On The Innervation of Salivary Glands and Treatment of Dry Mouth - An Experimental and Clinical Study
Detailed knowledge of the innervation of the parotid gland is essential in basic studies on various neuroglandular phenomena as well as in various types of orofacial surgery. The innervation is more complex than usually depicted in Textbooks. Using the rat as experimental model, it was shown that not only the classical auriculo-temporal nerve but also the facial nerve contributed to the cholinergic innervation of the gland, and that facial nerve-mediated impulses, reflexly elicited, evoked secretion of saliva. In humans, aberrant regenerating parasympathetic nerve fibres of the facial nerve may, therefore, be a potential contributor to Frey´s syndrome, characterized by sweating and redness over the parotid region. Little is known about the sensory innervation of salivary glands. A co-localization of the neuropeptides substance P and calcitonin gene-related peptide signals sensory nerve fibres in the salivary glands. Though the auriculo-temporal nerve trunk carries sensory fibres from the trigeminal ganglion, denervation experiments showed that those sensory substance P- and calcitonin gene-related fibres that innervate the gland use other routes. The comparison of a number of various types of glands in the ferret revealed large differences in the acetylcholine synthesis, the mucin-producing sublingual, zygomatic and molar glands showing a synthesizing capacity, expressed per gland weight, 3-4 times higher than that of the serous parotid gland and the sero-mucous submandibular gland, implying a high cholinergic tone in the mucin-producing glands. The acetylcholine formation was due to the specific action of choline acetyltransferase, and denervation experiments showed this enzyme to be confined to the nerves. Thus, no support for an extra-neuronal synthesis of acetylcholine by the activity of choline acetyltransferase was found. Dry mouth jeopardizes the oral health. A new approach to the treatment of dry mouth was tested in healthy subjects and in patients suffering from salivary gland hypofunction. The cholinesterase inhibitor physostigmine prevents the breakdown of acetylcholine released from cholinergic nerve endings: acetylcholine accumulates and either evokes an effector response or enhances it. Physostigmine was applied locally on the oral mucosa aiming at activating hundreds of underlying, submucosal minor glands (producing lubricating mucin), while at the same time minimising systemic cholinergic effects. A dose-finding showed that it was possible to obtain a long-lasting secretion of saliva in the two study groups concomitant with a long-lasting relief from oral dryness (as revealed by Visual Analogue Scale-scoring) in the group of dry mouth patients at a dose level, where side-effects were absent or in the form of mild gastro-intestinal discomfort. The local drug application, directed towards the minor salivary glands, seems promising and may develop into a therapeutic option in the treatment of dry mouth. Keywords: Parotid gland, denervation, acetylcholine synthesis, otic ganglion, auriculo-temporal nerve, facial nerve, neuropeptides, salivary gland hypofunction, physostigmine.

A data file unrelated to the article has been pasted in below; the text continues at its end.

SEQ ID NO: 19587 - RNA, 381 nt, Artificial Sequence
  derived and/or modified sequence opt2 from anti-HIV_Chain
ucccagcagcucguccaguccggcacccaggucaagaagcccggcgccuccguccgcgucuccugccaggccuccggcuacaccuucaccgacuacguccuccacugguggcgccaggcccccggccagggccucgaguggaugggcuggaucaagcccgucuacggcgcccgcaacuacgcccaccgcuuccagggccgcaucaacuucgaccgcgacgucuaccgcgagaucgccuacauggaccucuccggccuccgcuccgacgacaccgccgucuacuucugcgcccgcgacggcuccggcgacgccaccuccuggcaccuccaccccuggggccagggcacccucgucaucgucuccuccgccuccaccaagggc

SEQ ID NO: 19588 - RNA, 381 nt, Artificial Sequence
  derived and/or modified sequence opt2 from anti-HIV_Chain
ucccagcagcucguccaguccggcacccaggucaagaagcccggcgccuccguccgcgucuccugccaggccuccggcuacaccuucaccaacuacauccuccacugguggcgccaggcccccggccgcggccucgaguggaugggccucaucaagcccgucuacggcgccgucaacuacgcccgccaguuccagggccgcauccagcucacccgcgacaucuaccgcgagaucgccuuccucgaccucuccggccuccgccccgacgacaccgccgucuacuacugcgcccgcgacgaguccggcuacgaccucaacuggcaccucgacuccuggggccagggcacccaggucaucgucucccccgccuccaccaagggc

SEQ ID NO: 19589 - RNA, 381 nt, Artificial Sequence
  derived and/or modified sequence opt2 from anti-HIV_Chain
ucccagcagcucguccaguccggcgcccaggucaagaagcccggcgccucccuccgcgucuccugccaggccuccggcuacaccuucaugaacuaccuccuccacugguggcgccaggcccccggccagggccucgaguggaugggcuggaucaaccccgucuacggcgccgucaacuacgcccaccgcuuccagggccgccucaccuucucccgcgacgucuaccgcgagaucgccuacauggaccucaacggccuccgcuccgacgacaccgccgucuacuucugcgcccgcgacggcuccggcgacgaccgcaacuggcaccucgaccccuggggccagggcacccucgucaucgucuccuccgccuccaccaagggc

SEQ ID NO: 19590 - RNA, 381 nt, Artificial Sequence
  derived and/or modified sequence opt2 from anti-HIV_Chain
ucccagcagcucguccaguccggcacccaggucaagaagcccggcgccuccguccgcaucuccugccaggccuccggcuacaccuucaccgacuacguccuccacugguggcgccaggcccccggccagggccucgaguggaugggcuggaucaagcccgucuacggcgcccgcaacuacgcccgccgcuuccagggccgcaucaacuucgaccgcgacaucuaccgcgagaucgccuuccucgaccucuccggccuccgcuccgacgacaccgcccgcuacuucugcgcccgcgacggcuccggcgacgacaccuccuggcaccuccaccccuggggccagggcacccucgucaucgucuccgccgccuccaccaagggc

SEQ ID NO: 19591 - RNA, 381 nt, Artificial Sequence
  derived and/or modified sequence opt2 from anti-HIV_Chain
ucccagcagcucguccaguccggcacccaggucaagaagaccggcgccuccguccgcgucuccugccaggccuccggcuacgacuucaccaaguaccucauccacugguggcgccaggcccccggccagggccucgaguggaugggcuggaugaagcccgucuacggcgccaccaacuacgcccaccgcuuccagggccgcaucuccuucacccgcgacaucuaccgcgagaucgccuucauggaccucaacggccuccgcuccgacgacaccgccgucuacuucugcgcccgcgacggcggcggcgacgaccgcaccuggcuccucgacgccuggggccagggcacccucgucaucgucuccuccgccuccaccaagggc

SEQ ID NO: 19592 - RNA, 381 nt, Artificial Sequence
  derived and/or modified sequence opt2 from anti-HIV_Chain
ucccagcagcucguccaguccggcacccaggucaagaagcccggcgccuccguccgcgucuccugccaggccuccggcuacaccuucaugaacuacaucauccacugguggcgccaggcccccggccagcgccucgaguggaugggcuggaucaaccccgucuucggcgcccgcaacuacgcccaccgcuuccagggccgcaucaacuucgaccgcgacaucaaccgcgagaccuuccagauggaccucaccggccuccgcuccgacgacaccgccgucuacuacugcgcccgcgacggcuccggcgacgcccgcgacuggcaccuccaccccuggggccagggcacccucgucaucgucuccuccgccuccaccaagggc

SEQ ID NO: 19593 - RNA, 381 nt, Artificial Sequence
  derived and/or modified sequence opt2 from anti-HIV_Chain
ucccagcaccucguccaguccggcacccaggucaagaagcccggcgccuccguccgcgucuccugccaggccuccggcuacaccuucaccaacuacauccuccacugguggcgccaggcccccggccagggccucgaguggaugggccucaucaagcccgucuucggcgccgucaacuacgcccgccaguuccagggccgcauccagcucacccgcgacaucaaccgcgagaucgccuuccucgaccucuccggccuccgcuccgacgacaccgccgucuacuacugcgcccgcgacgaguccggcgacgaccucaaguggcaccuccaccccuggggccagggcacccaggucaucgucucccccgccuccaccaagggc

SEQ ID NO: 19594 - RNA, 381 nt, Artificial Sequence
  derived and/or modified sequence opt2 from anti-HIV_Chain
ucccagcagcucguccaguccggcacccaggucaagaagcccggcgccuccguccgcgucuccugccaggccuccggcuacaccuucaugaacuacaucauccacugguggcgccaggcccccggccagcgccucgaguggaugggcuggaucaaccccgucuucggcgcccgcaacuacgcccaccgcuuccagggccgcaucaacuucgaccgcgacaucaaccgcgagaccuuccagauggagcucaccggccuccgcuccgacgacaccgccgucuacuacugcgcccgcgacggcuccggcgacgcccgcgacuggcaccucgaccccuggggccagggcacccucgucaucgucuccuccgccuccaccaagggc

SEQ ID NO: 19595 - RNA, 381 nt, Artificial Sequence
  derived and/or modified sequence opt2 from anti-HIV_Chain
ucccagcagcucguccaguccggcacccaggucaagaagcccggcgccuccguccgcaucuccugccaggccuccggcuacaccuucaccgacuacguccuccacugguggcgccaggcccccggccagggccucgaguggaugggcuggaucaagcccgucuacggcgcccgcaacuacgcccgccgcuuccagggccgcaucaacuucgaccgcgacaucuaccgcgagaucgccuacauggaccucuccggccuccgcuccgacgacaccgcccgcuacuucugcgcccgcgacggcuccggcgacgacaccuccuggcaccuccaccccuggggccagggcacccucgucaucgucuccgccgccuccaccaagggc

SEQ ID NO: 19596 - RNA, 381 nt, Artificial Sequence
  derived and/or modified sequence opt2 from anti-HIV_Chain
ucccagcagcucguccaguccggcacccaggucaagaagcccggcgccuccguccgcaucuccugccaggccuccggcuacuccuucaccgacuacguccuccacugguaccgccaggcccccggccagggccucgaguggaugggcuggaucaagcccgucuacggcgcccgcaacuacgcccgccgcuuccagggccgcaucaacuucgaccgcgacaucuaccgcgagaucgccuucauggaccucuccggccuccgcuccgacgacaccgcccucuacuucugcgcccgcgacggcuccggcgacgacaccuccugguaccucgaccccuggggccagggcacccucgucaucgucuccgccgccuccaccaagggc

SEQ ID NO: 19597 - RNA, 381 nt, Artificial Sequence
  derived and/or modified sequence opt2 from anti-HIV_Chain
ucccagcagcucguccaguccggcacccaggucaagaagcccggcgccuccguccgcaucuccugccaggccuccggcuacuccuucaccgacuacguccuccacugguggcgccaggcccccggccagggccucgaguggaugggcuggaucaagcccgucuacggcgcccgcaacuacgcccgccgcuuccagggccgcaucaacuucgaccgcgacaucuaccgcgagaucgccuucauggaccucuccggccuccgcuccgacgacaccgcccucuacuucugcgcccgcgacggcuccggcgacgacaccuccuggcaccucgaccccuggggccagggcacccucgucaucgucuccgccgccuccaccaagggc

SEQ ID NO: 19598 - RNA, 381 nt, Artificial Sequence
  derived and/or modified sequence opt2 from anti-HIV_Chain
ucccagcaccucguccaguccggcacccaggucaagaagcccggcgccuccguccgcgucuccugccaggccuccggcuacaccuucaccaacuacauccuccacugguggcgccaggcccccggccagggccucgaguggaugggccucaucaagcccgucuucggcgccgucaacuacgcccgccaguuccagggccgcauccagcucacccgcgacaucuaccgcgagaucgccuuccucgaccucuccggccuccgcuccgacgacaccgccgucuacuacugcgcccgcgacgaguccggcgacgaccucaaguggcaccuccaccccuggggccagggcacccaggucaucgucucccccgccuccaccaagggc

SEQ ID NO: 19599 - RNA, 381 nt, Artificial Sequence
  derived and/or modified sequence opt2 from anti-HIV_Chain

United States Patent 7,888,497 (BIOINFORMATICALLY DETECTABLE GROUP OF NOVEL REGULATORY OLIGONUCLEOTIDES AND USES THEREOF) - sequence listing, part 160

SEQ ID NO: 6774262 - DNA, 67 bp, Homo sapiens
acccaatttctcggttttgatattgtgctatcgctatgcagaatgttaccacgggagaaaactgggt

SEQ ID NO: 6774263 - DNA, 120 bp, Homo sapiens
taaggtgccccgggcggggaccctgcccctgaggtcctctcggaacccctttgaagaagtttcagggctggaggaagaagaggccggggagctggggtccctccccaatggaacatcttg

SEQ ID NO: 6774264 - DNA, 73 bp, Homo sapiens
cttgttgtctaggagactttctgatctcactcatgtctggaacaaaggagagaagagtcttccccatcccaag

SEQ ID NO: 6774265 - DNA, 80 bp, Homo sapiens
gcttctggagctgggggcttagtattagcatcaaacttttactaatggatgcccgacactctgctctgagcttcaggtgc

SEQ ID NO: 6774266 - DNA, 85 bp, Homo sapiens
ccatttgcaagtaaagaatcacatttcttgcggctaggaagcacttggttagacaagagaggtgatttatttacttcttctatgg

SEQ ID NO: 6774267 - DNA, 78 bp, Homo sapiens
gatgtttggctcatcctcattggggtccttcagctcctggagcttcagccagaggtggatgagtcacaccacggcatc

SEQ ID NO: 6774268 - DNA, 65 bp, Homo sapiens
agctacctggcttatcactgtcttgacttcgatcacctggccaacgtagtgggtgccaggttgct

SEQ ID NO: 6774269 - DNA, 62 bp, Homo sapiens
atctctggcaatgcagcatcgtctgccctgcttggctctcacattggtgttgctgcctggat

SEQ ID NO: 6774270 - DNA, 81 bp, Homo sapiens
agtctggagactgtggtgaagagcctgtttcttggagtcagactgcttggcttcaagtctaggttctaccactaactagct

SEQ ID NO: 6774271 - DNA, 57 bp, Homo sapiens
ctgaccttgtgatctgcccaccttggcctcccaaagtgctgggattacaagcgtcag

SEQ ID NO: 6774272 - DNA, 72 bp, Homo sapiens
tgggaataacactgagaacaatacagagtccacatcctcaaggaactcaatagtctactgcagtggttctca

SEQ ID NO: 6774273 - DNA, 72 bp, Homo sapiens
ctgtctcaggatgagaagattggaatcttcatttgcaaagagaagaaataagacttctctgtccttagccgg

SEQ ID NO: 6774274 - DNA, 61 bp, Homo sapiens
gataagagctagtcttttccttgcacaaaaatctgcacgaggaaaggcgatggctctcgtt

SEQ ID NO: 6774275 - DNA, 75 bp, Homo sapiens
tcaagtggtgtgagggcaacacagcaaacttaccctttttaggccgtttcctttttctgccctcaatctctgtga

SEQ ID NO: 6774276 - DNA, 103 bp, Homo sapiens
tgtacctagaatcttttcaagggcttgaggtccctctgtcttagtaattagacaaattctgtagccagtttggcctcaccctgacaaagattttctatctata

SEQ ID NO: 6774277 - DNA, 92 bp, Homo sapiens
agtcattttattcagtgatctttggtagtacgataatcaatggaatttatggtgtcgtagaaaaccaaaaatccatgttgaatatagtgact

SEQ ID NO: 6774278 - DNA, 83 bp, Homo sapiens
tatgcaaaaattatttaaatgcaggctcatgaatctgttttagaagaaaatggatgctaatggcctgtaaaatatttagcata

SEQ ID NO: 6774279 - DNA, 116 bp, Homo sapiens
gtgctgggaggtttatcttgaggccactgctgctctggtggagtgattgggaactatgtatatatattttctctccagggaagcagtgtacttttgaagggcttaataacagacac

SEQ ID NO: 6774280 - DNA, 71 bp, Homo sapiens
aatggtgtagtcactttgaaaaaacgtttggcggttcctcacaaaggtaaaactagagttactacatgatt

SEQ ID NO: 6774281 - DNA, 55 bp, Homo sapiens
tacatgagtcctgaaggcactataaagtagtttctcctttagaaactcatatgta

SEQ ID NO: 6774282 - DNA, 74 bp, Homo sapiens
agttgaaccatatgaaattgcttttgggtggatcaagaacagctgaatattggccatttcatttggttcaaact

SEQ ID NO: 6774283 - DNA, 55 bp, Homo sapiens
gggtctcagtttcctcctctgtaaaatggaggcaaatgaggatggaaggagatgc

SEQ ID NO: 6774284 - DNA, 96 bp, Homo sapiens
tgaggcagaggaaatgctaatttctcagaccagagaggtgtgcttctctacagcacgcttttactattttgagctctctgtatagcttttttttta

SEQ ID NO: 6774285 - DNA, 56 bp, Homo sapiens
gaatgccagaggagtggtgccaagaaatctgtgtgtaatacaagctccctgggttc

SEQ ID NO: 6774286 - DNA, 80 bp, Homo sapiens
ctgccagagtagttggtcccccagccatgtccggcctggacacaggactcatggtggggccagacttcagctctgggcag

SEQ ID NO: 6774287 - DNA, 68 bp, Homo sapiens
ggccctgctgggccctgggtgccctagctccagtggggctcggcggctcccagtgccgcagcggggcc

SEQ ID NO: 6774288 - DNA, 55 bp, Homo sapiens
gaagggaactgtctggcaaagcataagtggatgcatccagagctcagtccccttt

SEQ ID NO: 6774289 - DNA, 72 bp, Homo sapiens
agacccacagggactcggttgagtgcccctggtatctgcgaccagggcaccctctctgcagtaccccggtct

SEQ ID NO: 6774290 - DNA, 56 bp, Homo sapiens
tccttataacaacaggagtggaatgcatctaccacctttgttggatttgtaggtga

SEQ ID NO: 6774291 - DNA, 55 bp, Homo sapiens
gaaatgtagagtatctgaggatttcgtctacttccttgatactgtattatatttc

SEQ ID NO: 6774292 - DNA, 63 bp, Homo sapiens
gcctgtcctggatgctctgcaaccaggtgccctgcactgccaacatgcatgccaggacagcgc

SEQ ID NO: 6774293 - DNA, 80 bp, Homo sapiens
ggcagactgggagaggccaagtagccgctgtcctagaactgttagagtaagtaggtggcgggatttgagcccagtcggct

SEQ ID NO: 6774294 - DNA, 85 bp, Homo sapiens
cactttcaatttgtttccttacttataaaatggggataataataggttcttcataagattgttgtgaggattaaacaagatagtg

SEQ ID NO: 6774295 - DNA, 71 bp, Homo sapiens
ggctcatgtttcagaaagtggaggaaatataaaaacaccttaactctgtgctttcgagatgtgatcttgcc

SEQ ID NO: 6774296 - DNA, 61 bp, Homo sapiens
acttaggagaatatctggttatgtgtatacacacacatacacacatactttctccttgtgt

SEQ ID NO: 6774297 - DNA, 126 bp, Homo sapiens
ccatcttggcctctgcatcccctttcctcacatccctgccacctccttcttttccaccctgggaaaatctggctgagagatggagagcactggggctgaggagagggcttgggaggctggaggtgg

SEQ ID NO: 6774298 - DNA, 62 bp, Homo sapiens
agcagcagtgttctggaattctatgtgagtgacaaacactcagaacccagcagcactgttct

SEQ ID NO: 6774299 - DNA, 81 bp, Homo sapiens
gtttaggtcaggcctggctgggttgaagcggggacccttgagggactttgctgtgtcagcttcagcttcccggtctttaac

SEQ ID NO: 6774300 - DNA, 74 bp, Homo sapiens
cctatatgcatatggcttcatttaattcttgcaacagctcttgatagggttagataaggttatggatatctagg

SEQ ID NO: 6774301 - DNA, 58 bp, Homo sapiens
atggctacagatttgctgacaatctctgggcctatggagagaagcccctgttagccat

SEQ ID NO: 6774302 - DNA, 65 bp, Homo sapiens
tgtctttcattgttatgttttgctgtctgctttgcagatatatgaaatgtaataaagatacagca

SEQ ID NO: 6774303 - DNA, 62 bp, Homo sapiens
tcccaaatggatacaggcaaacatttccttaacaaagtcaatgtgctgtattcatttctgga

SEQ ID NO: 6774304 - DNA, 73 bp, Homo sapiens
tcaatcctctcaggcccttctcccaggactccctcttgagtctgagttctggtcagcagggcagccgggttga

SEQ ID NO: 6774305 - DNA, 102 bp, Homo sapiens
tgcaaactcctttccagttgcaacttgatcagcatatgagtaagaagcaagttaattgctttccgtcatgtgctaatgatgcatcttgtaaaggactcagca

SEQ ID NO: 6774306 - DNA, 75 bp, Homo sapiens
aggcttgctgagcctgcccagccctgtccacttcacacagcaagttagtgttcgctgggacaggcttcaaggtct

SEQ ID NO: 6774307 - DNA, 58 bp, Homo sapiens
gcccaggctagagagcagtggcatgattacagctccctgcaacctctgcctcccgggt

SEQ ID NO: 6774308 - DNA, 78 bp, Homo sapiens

Source Type:Doctoral Dissertation
Keywords:ODONTOLOGY; Pharmacological research; ODONTOLOGY; Physiology; Parotid gland; Denervation; Acetylcholine synthesis; Otic ganglion; Auriculo-temporal nerve; Facial nerve; Neuropeptides; Salivary gland hypofunction; Physostigmine
Date of Publication:01/01/2009